TUSSLE IN TEXAS!

September 9 - Tampa Bay's stout defense shut down the Dallas offense, while the Bucs offense played keep-away from the Cowboys in a tough season-opening win, 10-6. The Bucs special teams were disastrous and almost cost them a precious road victory.

BUCS EDGE COWBOYS 10-6 FOR HARD-FOUGHT ROAD WIN

IRVING, Texas - A win is a win.

The Tampa Bay Buccaneers opened the 2001 season with a less than impressive 10-6 victory against the Dallas Cowboys in front of 61,521 fans at Texas Stadium. It was not a pretty win, it was not a dominating win, and it was not an impressive performance for some units of the Bucs.

Yet it was a victory on the road in a venue where the Bucs had been winless in seven previous attempts. Tampa Bay is just thankful to be 1-0.

On the offensive side of the football, quarterback Brad Johnson did exactly what was expected when the Bucs signed him as a free agent during the offseason. He was an efficient 26-for-35 for 195 yards with one interception and was able to move the Buccaneers offense accounted for 263 net yards (71 on the ground and 192 through the air) in 70 plays.

Tampa Bay accumulated 19 first downs against Dallas and their only shortcoming was that they couldn't finish drives with more than 10 points.

From a defensive standpoint, Tampa Bay had a near-perfect outing. They held the Dallas offense to 127 total yards, which was the third-best defensive effort in franchise history. The Cowboys had only eight first downs, converted 1-of-10 third down situations, ran a paltry 44 plays, were spanked in time of possession, 36:32 to 23:28, and held to a miniscule 31 net passing yards.

The only time a Bucs defense forced a lower output was on the road in the opening game of the 1980 season when the Buccaneers held the Cincinnati Bengals to 16 net passing yards in a 17-12 Tampa Bay victory.

The one unit that did have a sub-par contest was the Bucs special teams. The kickoff coverage team was almost burned for a touchdown early in the game and couldn't muster any yardage in the return game. The punt return team couldn't generate anything in the way of a positive return and the kickoff return team gave up an onside kick that the Cowboys recovered after their first score.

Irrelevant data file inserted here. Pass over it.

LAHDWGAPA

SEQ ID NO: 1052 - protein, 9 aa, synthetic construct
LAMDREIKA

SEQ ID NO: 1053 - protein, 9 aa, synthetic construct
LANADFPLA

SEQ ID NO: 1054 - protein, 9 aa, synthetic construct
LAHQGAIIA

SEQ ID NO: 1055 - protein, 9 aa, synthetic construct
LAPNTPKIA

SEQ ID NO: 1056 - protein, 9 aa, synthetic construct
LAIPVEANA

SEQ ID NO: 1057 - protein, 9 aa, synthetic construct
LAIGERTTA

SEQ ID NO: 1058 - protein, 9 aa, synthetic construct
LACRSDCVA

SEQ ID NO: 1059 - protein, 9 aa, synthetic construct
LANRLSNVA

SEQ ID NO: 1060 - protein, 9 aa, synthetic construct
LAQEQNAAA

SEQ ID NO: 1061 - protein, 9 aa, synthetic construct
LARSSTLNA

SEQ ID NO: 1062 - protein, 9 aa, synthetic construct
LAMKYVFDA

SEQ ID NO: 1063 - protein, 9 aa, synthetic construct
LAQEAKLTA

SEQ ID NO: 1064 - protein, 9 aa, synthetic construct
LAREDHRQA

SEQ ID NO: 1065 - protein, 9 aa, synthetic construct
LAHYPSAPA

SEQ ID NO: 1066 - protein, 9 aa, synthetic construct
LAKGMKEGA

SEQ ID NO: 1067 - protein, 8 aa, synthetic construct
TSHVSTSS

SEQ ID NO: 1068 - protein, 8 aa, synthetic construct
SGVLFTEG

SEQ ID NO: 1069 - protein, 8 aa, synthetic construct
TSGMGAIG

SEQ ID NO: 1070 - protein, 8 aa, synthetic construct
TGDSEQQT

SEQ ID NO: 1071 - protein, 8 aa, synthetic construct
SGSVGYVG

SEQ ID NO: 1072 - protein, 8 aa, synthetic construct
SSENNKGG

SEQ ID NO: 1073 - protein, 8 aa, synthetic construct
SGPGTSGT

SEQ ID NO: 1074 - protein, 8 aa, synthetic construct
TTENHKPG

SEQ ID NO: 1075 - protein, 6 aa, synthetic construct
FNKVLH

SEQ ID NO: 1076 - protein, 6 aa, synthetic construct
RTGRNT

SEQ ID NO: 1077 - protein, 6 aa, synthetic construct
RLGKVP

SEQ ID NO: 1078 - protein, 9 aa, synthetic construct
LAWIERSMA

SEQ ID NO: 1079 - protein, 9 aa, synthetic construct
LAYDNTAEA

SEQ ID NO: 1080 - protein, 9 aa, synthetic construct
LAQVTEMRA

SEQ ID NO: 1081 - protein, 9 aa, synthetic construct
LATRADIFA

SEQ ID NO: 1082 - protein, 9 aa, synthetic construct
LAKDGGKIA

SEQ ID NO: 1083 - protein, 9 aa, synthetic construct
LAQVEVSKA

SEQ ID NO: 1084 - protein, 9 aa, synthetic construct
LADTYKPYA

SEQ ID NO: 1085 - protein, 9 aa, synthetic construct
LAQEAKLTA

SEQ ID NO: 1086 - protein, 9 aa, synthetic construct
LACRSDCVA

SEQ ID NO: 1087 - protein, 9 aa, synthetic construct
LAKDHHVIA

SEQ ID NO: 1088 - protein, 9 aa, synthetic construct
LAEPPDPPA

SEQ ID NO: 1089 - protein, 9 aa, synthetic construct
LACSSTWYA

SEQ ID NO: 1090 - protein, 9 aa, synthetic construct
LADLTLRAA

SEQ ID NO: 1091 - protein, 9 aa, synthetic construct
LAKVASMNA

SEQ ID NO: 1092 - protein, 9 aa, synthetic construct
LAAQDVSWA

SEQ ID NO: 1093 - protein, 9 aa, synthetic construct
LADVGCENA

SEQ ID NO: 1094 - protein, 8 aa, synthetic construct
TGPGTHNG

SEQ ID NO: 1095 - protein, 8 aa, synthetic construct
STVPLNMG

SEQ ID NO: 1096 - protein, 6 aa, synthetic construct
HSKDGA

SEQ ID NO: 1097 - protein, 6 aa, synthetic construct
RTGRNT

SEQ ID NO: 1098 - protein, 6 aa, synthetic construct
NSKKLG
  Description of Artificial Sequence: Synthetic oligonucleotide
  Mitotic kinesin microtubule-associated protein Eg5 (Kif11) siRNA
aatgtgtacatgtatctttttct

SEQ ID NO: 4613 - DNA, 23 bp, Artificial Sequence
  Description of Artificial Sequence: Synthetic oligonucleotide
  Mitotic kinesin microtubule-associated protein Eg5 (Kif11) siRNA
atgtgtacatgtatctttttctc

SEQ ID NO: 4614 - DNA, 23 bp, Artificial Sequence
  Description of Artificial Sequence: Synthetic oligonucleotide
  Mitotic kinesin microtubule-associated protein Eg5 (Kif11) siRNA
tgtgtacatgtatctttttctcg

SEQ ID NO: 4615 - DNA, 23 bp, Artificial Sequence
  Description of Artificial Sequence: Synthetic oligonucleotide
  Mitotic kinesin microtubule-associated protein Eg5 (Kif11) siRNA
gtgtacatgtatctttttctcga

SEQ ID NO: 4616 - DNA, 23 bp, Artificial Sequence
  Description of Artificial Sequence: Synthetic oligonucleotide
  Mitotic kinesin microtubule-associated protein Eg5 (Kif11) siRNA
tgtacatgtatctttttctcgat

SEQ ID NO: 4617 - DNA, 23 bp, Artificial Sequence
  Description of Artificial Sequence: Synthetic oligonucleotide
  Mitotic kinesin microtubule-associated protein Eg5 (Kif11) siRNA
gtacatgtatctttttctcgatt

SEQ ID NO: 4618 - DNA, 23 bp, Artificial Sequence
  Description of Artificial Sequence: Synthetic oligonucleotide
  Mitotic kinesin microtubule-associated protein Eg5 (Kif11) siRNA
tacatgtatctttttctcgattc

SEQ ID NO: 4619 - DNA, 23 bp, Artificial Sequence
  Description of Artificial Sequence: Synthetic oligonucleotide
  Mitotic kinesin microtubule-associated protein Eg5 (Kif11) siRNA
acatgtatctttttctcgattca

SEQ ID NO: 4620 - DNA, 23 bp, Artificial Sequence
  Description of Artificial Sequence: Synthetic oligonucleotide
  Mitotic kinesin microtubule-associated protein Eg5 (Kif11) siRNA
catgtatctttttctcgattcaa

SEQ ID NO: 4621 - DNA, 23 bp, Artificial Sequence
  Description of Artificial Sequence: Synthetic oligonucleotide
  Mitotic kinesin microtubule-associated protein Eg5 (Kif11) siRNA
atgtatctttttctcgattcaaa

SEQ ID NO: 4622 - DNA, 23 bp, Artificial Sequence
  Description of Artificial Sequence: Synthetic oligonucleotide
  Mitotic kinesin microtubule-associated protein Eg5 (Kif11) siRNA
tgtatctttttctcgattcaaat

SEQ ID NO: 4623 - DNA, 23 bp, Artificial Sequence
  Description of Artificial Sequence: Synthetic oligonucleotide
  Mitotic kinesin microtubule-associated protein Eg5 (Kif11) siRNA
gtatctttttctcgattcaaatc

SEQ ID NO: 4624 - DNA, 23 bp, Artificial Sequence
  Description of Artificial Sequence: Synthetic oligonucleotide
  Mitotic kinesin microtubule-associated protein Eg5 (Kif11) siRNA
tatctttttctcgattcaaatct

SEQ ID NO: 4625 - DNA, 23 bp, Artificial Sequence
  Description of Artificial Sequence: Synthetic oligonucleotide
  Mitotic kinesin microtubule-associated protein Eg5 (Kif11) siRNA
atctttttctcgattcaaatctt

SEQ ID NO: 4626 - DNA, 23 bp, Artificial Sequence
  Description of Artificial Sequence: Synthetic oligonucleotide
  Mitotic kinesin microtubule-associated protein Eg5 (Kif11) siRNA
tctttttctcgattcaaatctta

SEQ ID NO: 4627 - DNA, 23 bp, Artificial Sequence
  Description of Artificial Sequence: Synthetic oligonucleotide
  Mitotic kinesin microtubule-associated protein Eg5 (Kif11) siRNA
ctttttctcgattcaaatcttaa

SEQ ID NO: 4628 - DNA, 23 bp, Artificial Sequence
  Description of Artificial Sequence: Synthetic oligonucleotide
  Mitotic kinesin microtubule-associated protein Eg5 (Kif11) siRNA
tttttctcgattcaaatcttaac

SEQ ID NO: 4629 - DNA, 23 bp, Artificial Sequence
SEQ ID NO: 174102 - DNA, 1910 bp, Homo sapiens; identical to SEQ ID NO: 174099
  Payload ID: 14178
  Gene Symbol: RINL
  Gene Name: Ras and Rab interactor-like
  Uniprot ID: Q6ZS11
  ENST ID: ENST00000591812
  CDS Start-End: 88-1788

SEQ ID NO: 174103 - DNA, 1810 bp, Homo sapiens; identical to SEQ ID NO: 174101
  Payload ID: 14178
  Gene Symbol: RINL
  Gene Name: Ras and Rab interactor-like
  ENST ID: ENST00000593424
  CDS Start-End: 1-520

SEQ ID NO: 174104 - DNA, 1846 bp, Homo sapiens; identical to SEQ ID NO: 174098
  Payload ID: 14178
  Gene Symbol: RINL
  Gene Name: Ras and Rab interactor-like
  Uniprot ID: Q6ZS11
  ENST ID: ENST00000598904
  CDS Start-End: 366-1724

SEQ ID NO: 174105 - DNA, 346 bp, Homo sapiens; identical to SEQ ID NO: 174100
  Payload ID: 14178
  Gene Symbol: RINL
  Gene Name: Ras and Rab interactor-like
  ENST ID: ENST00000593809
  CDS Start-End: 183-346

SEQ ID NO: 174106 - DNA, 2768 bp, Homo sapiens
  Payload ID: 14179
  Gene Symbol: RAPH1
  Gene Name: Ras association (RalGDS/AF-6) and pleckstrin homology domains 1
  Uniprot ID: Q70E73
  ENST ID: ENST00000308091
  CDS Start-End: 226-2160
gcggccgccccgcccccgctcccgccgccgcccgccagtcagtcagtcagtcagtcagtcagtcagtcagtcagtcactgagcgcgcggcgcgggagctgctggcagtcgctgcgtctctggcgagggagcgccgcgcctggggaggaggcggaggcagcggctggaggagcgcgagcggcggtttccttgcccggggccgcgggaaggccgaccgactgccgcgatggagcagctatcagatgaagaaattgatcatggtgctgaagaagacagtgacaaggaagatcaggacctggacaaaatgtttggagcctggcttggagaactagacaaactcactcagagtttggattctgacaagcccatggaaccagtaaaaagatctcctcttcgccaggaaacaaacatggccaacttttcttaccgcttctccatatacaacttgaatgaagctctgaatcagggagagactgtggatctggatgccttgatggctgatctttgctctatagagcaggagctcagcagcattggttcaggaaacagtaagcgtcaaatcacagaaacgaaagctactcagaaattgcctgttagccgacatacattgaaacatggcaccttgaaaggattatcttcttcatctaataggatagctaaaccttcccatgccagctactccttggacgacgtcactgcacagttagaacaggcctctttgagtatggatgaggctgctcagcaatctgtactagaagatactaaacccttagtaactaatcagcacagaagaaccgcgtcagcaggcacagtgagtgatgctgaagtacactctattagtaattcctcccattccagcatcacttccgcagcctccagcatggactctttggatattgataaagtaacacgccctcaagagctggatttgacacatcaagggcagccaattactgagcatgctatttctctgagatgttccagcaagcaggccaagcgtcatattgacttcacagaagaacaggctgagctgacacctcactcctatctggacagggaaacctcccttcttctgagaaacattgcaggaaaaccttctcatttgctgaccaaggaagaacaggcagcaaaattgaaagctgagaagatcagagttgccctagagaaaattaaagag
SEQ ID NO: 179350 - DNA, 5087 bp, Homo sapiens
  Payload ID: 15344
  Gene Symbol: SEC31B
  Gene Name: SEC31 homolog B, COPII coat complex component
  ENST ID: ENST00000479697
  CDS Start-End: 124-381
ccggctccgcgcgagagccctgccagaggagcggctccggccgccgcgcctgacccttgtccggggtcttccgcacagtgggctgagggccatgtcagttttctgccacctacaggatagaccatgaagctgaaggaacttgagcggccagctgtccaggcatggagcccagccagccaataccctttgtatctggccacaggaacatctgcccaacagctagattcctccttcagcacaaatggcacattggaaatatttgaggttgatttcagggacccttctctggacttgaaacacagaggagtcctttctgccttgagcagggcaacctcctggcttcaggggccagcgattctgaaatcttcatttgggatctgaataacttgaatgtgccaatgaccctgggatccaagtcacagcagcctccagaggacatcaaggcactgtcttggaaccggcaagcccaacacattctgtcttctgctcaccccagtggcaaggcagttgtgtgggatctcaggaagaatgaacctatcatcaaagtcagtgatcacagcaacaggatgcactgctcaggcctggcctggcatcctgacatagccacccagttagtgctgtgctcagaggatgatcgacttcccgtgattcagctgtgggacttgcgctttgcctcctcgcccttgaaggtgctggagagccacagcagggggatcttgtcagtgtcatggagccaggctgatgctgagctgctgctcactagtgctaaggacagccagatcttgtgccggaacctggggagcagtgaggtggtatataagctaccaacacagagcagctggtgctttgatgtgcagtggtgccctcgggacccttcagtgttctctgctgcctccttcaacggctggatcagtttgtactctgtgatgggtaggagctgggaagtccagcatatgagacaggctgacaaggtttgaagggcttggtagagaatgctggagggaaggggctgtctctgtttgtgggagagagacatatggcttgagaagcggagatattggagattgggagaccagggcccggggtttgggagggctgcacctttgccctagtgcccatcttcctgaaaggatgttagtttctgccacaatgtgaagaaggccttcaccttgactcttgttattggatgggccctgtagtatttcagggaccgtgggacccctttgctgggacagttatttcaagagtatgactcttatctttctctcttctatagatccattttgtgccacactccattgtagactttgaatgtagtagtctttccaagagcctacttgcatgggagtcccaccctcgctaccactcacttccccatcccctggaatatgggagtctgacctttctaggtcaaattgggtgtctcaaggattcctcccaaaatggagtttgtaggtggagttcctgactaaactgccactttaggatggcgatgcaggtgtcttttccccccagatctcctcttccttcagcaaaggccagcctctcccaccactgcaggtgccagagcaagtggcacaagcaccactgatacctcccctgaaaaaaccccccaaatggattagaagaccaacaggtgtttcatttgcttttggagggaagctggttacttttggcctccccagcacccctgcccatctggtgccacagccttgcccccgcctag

Tampa Bay's punt coverage team had several miscues at a critical times of the game Not a stellar performance for special teams coach Joe Marciano's troops, which racked up three penalties.

The Bucs began the 2001 season on a positive note. After the opening kickoff was downed by wide receiver Karl Williams in the end zone, Tampa Bay drove 59 yards in 13 plays for a 39-yard field goal from the right hash by kicker Martin Gramatica at 7:50 of the first quarter.

Quarterback Brad Johnson was a perfect 8-for-8 for 56 yards on the opening drive. Johnson spread the football around to four different receivers on the drive. Wide receiver Keyshawn Johnson and fullback Mike Alstott had two catches, with wide receiver Jacquez Green and running back Warrick Dunn each had a catch. The drive ate up 7:07 of clock time allowing Tampa Bay to take an early 3-0 lead.

But the Pewter Pirates' lead was short-lived. The initial kickoff of the 2001 season by the Bucs was returned 77 yards by wide receiver Reggie Swinton, who finished the day with three returns for 131 yards. Only a touchdown-saving slowdown by cornerback Ronde Barber and tackle by linebacker Al Singleton kept the fleet Dallas returner out of the end zone.

Cowboys rookie quarterback Quincy Carter (9-for-19 for 34 yards and two interceptions) showed tremendous athleticism on the second play from scrimmage. On a bootleg right off a dive left fake to running back Emmitt Smith (13 rushes for 40 yards), he avoided defensive end Marcus Jones and defensive tackle Warren Sapp before cutting back across the field for a 17-yard gain to the Bucs' 3. Free safety Dexter Jackson made a touchdown-saving tackle and kept the Cowboys out of the end zone.